A foster child in the care of the South Carolina Department of Social Services (SCDSS) was sexually assaulted by a state-contracted cab driver on her way to school in Irmo, South Carolina, according to a recently filed lawsuit.
A guardian for “Jane Doe” filed the suit against Checker Yellow Cab Company Inc., cab driver Alfonso Charles Davis, SCDSS, and Palmetto Place Children’s Shelter (PPCS) in the Richland County court of common pleas on May 1, 2020.
This is at least the third lawsuit this year in which plaintiffs are suing SCDSS for failing to protect a child from sexual assault.
In May 2018, Jane Doe was in the custody of SCDSS while living at PPCS in Columbia, South Carolina. Checker Yellow Cab Company was contracted through the state to transport foster children to and from school, according to the lawsuit.
On May 7, 2018, Checker Yellow Cab Company driver Alfonso Davis picked up Jane Doe and was supposed to take her to school in Irmo. Instead of bringing her straight to school, however, “he drove her around Broad River Road and continually reset the meter,” the lawsuit said.
While driving around Broad River Road, Davis told Jane Doe he “had a crush on her” and that she “turns him on,” according to the lawsuit.
He asked her several times if she had “ever done sexual activities before,” the lawsuit stated.
Davis then pulled into the Chuck E. Cheese parking lot on Burning Tree Drive in Columbia, parked the cab, and sexually assaulted Jane Doe “while suggesting they ‘get a room,'” according to the lawsuit.
The Chuck E. Cheese is located across the street from a Motel 6.
Jane Doe was eventually taken to school more than an hour late – at which point she promptly reported the incident to authorities, the lawsuit said.
The Richland County sheriff’s department was called to investigate the allegations.
“Davis was arrested and charged with kidnapping/ abduction and forcible fondling,” the lawsuit said.
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The lawsuit claims that SCDSS and/ or PPCS “failed to properly protect, safeguard, and ensure the safety of (Jane Doe) while under their supervision, protection, control and/or custody,” the lawsuit said.
“As a result of the defendants negligent and or grossly negligent acts, (Jane Doe) suffered and still suffers extensive damages, including severe emotional distress, physical harm, loss of enjoyment of life, and will require long-term and lifetime psychiatric and psychological treatment.”
Davis is being sued for assault and battery, negligence, false imprisonment, and intentional infliction of emotional distress.
“(Davis’) behavior was rude, vulgar, and/ or inappropriate,” the lawsuit said. “…and (his) actions rose to a level of extreme outrage and exceeding all possible bounds of decency and was atrocious and utterly intolerable in a civilized community,” the lawsuit said.
The lawsuit claims SCDSS and Palmetto Place Children’s Shelter were negligent in failing to protect Jane Doe and “failing to draft and or institute proper policies and procedures necessary to ensure that minors under their supervision, protection, control, and or custody are safe and protected from physical abuse.”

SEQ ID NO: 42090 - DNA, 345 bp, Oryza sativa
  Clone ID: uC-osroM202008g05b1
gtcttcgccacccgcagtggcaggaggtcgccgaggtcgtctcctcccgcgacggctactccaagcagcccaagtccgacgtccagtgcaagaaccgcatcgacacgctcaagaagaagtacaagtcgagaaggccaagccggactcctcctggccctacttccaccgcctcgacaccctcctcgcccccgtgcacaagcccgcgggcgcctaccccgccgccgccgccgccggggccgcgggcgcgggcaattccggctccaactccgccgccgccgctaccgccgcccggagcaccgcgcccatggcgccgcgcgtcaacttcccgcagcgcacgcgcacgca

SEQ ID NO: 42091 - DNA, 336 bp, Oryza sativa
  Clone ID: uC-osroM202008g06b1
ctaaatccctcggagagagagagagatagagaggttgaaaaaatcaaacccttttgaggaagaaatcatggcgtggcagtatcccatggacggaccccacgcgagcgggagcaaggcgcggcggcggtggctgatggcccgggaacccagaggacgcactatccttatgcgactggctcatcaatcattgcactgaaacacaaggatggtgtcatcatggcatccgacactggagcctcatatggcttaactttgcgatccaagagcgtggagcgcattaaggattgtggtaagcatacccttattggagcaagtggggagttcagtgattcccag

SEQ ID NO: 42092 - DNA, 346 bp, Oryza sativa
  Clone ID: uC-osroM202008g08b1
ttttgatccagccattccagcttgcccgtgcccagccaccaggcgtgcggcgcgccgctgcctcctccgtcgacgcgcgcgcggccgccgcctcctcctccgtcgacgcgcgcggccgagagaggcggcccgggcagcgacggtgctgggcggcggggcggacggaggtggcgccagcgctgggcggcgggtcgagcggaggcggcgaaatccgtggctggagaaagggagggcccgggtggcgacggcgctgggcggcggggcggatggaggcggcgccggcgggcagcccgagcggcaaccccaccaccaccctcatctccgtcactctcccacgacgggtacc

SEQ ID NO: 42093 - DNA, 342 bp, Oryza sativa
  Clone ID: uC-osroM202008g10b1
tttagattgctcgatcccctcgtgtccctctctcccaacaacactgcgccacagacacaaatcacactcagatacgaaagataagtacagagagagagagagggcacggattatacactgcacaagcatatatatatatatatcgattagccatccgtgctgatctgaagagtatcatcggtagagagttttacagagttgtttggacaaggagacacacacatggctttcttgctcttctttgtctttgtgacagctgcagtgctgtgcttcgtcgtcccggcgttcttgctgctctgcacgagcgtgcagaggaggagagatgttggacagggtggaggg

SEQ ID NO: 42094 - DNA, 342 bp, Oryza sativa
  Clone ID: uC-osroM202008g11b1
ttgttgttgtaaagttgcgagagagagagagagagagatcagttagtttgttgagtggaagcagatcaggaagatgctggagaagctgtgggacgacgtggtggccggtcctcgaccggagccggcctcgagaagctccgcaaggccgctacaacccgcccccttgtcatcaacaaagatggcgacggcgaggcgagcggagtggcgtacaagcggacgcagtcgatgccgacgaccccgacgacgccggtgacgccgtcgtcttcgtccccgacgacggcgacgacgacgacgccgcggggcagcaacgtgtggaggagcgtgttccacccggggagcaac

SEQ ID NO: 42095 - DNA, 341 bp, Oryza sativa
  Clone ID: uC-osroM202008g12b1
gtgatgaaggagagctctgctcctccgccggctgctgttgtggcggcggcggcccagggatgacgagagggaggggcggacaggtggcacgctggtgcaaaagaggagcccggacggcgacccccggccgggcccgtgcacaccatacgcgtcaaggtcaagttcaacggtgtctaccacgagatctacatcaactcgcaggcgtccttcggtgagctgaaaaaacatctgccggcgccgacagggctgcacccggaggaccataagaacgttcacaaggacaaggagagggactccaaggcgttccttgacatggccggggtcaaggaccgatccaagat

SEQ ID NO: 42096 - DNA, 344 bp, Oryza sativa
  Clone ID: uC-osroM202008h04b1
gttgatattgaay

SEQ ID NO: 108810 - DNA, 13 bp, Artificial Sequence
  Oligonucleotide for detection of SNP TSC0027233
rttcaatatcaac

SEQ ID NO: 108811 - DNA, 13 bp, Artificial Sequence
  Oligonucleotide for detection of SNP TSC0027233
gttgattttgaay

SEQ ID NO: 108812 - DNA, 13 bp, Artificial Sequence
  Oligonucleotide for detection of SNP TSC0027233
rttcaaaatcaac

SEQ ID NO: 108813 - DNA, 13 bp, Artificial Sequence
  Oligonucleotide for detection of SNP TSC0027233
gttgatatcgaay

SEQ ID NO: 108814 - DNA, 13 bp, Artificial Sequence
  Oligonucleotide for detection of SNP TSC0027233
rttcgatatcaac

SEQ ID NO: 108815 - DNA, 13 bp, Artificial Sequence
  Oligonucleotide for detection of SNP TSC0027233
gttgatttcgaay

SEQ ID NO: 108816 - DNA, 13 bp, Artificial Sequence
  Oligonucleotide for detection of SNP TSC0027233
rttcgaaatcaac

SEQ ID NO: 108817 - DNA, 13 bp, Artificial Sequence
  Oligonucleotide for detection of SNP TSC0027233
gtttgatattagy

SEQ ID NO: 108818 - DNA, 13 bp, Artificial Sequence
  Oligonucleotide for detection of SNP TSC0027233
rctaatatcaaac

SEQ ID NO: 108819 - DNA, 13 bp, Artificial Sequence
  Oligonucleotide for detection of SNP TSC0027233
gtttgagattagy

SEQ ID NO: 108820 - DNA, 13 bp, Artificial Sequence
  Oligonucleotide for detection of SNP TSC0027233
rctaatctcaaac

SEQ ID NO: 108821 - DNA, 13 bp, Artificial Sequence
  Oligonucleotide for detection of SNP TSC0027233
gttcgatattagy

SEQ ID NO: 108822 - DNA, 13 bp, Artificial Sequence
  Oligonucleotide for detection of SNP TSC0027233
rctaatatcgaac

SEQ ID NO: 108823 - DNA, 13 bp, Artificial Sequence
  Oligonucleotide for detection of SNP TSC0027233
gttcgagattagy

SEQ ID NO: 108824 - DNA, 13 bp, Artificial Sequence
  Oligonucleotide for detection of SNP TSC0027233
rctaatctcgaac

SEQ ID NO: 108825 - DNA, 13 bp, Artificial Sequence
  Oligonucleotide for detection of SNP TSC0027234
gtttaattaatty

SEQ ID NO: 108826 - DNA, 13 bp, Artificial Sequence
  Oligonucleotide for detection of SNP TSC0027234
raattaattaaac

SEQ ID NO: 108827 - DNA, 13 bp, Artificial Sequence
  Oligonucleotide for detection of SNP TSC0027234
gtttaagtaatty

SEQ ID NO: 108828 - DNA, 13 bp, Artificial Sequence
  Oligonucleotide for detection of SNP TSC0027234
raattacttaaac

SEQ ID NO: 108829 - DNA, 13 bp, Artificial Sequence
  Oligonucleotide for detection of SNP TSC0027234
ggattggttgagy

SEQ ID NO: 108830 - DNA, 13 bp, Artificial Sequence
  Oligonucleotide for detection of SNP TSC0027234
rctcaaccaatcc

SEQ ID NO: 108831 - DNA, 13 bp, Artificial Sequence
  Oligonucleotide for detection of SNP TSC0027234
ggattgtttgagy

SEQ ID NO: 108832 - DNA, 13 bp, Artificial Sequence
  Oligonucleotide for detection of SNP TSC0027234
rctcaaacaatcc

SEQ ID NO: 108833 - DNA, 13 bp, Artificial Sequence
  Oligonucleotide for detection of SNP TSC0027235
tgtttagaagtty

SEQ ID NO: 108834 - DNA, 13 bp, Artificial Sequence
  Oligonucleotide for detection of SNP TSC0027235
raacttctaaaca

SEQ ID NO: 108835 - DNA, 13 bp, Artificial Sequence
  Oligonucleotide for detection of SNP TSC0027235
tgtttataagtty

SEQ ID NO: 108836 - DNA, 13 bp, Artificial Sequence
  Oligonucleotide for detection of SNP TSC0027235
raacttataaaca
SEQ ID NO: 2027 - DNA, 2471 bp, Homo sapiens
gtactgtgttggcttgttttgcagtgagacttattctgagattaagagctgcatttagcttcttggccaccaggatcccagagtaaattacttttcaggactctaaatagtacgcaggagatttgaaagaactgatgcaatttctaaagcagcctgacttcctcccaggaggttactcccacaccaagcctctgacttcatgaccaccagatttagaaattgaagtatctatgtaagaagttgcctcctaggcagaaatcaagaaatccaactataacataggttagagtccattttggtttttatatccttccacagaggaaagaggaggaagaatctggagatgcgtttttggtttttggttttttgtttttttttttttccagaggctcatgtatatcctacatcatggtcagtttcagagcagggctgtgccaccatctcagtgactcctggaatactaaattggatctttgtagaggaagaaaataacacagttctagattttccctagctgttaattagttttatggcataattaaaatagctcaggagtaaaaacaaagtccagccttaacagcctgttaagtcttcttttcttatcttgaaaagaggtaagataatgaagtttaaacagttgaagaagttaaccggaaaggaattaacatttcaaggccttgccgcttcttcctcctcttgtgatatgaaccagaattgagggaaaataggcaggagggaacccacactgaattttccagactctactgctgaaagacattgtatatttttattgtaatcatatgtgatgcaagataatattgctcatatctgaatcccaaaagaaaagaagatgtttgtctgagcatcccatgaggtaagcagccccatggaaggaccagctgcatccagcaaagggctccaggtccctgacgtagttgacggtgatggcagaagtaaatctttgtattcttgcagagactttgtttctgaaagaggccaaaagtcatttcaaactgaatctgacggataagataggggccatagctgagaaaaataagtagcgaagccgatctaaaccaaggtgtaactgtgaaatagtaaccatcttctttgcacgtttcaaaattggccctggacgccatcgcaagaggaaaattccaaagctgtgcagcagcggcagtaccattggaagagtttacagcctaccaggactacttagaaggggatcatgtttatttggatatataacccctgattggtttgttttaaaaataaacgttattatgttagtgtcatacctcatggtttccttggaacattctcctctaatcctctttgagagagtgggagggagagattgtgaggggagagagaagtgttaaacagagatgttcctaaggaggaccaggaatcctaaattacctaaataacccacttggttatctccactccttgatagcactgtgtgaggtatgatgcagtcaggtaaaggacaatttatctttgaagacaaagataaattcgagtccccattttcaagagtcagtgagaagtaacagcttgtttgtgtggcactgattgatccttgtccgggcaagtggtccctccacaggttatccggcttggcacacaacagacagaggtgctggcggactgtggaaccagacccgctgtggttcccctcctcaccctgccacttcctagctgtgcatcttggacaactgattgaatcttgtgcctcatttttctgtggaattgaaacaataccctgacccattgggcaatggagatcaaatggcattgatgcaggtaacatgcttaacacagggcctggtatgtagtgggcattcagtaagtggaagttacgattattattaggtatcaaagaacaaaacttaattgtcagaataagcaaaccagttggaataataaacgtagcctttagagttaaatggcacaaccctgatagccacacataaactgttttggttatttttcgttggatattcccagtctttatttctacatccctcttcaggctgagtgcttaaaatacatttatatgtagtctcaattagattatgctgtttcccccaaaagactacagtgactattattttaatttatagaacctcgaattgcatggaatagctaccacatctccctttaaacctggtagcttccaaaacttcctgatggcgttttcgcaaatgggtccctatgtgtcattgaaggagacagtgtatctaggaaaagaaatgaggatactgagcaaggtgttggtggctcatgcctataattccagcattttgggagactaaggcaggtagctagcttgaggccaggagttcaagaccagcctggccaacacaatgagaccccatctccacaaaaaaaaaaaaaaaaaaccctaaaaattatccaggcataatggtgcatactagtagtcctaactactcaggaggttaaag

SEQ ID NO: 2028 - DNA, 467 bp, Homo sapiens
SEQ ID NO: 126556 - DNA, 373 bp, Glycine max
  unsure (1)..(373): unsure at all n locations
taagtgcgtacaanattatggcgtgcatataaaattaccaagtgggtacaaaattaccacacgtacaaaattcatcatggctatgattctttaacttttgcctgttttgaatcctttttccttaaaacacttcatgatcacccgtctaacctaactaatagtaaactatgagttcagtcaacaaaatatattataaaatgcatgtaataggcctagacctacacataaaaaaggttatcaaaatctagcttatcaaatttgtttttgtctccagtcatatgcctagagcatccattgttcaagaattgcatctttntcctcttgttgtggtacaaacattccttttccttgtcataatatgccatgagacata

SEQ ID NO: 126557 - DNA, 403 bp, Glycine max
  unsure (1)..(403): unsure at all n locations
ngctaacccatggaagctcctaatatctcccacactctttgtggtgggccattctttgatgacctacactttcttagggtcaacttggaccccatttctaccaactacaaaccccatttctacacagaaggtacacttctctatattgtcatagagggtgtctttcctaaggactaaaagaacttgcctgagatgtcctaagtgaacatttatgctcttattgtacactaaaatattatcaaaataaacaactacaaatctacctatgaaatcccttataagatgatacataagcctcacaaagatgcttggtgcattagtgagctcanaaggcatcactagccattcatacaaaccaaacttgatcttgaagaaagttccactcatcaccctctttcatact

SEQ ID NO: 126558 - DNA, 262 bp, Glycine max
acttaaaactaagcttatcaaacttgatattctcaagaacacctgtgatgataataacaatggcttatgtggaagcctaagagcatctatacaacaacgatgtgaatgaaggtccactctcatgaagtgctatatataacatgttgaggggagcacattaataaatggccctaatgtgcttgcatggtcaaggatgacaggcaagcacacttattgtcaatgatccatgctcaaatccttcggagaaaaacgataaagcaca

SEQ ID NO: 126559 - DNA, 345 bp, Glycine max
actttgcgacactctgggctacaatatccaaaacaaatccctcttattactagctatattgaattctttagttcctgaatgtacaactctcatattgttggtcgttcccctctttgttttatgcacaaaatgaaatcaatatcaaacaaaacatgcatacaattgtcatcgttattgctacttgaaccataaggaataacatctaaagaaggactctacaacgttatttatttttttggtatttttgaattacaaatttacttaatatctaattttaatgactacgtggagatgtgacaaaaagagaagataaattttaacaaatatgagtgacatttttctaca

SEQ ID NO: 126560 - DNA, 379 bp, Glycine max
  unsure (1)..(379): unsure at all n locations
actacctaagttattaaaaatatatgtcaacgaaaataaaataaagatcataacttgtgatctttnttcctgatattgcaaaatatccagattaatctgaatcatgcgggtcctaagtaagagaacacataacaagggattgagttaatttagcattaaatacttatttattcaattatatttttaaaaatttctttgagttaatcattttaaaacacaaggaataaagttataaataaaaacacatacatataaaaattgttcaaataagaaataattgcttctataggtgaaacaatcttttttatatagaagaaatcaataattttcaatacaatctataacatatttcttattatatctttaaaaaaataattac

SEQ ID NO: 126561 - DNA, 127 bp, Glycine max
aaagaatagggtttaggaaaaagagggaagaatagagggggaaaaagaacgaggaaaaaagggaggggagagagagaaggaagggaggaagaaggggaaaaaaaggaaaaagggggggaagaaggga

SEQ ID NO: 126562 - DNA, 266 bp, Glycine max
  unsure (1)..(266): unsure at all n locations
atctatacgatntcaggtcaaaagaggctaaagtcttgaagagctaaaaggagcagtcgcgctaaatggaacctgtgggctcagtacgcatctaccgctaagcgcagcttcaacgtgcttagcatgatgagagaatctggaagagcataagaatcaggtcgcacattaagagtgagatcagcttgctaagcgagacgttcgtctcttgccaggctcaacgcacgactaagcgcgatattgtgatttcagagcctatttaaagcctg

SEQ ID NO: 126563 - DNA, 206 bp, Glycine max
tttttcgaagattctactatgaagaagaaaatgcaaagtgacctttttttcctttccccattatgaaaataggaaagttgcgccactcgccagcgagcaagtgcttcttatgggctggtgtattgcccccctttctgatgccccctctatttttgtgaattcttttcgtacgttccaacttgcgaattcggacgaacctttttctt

SCDSS was negligent in failing to conduct background checks on third-party contractors hired to transport children in their custody, the lawsuit said and negligent in failing to keep sufficient records on their employees and subcontractors to prevent such incidents from occuring.
Georgetown, S.C. attorney Andrew Kunz is representing the foster child in the lawsuit.
“SCDSS has been an unmitigated disaster for years on multiple fronts, with one of its former directors losing her job in the aftermath of the sad and shocking tale of Robert Guinyard, Jr. – a four-year-old boy who was placed into an abusive home by SCDSS despite repeated warnings about his safety,” our founding editor Will Folks wrote in 2018.
While SCDSS vowed to renovate itself in 2019 with new leadership, the “scandal-ravaged” agency is still facing multiple legal issues – from the past and present.
In March, the agency was sued after an 11-year-old boy was allegedly sexually abused at a Christian shelter. The lawsuit stated that no one at SCDSS or Miracle Hill (a state-contracted Christian shelter) “did anything to protect (the child) from being further abused.”
“They simply told (the child) that they would ‘look into it,’” the lawsuit said.
After the foster child told his social worker, the sexual assaults continued, according to the lawsuit.
Another federal lawsuit filed on behalf of three South Carolina children alleges they were unnecessarily forced to undergo the violating process of a sexual abuse exam by SCDSS and several other participants.
That lawsuit alleges that 13-year-old Jane Doe was subjected to a full vaginal exam where she was touched and photographed naked under the instruction of SCDSS caseworker Karen Burgess. Her 12-year-old brothers John Doe and Richard Roe were strip-searched and photographed naked as a part of Burgess’ investigation. Burgess was investigating physical abuse in the children’s home – not sexual abuse – which is why the lawsuit calls the searches unconstitutional.
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